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Appellate Court Applies Recreational User Immunity in Wrongful Death Action Against Ohio Department of Natural Resources.

In the case of Schafer v. Ohio Dept. of Natural Resources, 2022-Ohio-1829 the Appellate Court held that the Ohio Department of Natural Resources (“ODNR”) was immune from liability under R.C. 1533.181, the Recreational User Immunity Statute, where appellant filed a claim alleging negligence and wrongful death when a decedent was killed by a log rolled off a cliff above the decedent by other park users.

Here, the appellant argued that ODNR was negligent in failing to restrict access to the area where the logs were. Appellant further contended that ODNR was negligent in creating a dangerous condition in the state park by stacking logs in an open clearing by a cliff. ODNR raised the affirmative defense of immunity under the Recreational User Immunity Statute. The Recreational User Immunity Statute limits liability of landowners for injuries to recreational users by (1) eliminating the duty of landowners to keep the premises safe for entry or use for recreational users; (2) eliminating assurance to recreational users that the premises are safe for entry or use through the act of giving permission; and (3) eliminating liability from the landowner for injury to person or property caused by any act of a recreational user. The Appellate Court agreed with ODNR.

In support of its decision, the Appellate Court reasoned that the appellant, decedent, and other park users were “recreational users” as defined under the statute. The Appellate Court further explained that the decedent entered the premises for recreational purposes and was injured by the acts of other recreational users on the premises. The Appellate Court found that ODNR had no duty to restrict access to the area where the logs were nor a duty to not affirmatively create a dangerous condition by placing the logs near a cliff. Thus, ODNR was afforded immunity under the statute.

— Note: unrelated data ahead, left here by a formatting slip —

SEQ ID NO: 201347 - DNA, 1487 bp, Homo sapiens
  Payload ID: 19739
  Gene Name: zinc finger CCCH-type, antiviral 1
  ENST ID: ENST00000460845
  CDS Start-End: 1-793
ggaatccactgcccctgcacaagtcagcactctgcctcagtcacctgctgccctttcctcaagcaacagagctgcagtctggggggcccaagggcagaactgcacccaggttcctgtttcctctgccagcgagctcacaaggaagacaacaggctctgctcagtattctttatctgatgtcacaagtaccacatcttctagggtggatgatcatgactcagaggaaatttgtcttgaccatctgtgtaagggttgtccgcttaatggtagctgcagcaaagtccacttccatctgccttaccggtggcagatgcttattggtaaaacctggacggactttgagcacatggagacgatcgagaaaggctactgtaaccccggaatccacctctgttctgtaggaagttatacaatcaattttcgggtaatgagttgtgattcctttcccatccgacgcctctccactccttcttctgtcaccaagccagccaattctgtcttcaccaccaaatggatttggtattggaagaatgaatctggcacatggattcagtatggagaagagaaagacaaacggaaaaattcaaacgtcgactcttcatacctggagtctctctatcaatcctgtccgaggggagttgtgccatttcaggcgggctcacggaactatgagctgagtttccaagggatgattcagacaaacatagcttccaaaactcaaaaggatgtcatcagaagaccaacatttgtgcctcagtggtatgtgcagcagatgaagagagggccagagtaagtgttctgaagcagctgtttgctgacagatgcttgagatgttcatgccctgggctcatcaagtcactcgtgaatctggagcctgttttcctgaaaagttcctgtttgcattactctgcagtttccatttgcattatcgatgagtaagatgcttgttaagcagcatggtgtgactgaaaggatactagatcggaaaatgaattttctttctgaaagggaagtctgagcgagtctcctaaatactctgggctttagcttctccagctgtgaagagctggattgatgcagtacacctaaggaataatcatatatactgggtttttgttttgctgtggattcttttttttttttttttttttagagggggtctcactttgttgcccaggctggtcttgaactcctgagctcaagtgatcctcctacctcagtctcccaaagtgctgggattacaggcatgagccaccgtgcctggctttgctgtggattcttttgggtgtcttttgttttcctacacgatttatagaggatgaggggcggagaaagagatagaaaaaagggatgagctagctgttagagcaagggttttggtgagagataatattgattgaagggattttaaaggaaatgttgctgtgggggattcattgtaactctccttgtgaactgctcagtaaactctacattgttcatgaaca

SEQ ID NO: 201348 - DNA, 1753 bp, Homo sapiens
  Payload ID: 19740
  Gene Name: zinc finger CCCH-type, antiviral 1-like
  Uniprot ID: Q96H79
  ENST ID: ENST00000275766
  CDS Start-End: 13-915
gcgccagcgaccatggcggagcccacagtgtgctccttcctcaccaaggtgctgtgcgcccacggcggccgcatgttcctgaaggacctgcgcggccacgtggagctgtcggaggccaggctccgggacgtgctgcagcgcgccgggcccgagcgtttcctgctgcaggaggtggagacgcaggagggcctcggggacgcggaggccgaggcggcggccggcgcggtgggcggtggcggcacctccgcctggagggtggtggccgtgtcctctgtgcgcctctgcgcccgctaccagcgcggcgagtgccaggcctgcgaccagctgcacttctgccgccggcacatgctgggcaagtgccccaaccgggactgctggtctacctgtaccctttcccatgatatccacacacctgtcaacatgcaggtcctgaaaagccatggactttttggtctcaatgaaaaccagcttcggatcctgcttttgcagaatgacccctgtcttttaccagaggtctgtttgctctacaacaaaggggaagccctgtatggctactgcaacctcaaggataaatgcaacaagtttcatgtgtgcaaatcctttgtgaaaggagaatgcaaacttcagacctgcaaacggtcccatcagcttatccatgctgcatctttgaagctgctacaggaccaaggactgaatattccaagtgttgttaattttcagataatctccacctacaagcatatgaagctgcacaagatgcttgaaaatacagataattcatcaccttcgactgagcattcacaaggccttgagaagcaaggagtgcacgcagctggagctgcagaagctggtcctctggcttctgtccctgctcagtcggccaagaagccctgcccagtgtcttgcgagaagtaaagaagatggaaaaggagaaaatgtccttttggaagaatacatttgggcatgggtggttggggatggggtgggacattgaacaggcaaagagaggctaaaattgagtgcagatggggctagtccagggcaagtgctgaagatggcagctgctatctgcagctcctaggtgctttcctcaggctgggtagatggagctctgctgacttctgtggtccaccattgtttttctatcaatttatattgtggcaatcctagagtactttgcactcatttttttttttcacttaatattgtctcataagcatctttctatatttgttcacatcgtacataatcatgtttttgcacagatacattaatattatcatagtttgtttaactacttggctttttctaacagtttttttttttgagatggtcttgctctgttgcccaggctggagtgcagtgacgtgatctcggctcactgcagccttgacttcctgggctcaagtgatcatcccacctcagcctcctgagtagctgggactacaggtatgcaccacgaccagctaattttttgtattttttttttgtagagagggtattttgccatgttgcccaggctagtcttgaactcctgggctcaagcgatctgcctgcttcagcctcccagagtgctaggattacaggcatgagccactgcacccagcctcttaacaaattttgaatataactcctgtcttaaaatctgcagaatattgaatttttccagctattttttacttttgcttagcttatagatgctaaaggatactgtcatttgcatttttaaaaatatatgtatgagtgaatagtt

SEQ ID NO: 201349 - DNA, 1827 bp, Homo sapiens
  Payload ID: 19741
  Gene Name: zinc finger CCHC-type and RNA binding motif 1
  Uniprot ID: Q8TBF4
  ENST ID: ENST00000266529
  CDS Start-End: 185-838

To read this case, click here.

Authors: Matthew John Markling and the McGown & Markling Team.

Note: This blog entry does not constitute – nor does it contain – legal advice. Legal jurisprudence is like the always-changing Midwestern weather. As a result, this single blog entry cannot substitute for consultation with a McGown & Markling attorney. If legal advice is needed with respect to a specific factual situation, please feel free to contact a McGown & Markling attorney.


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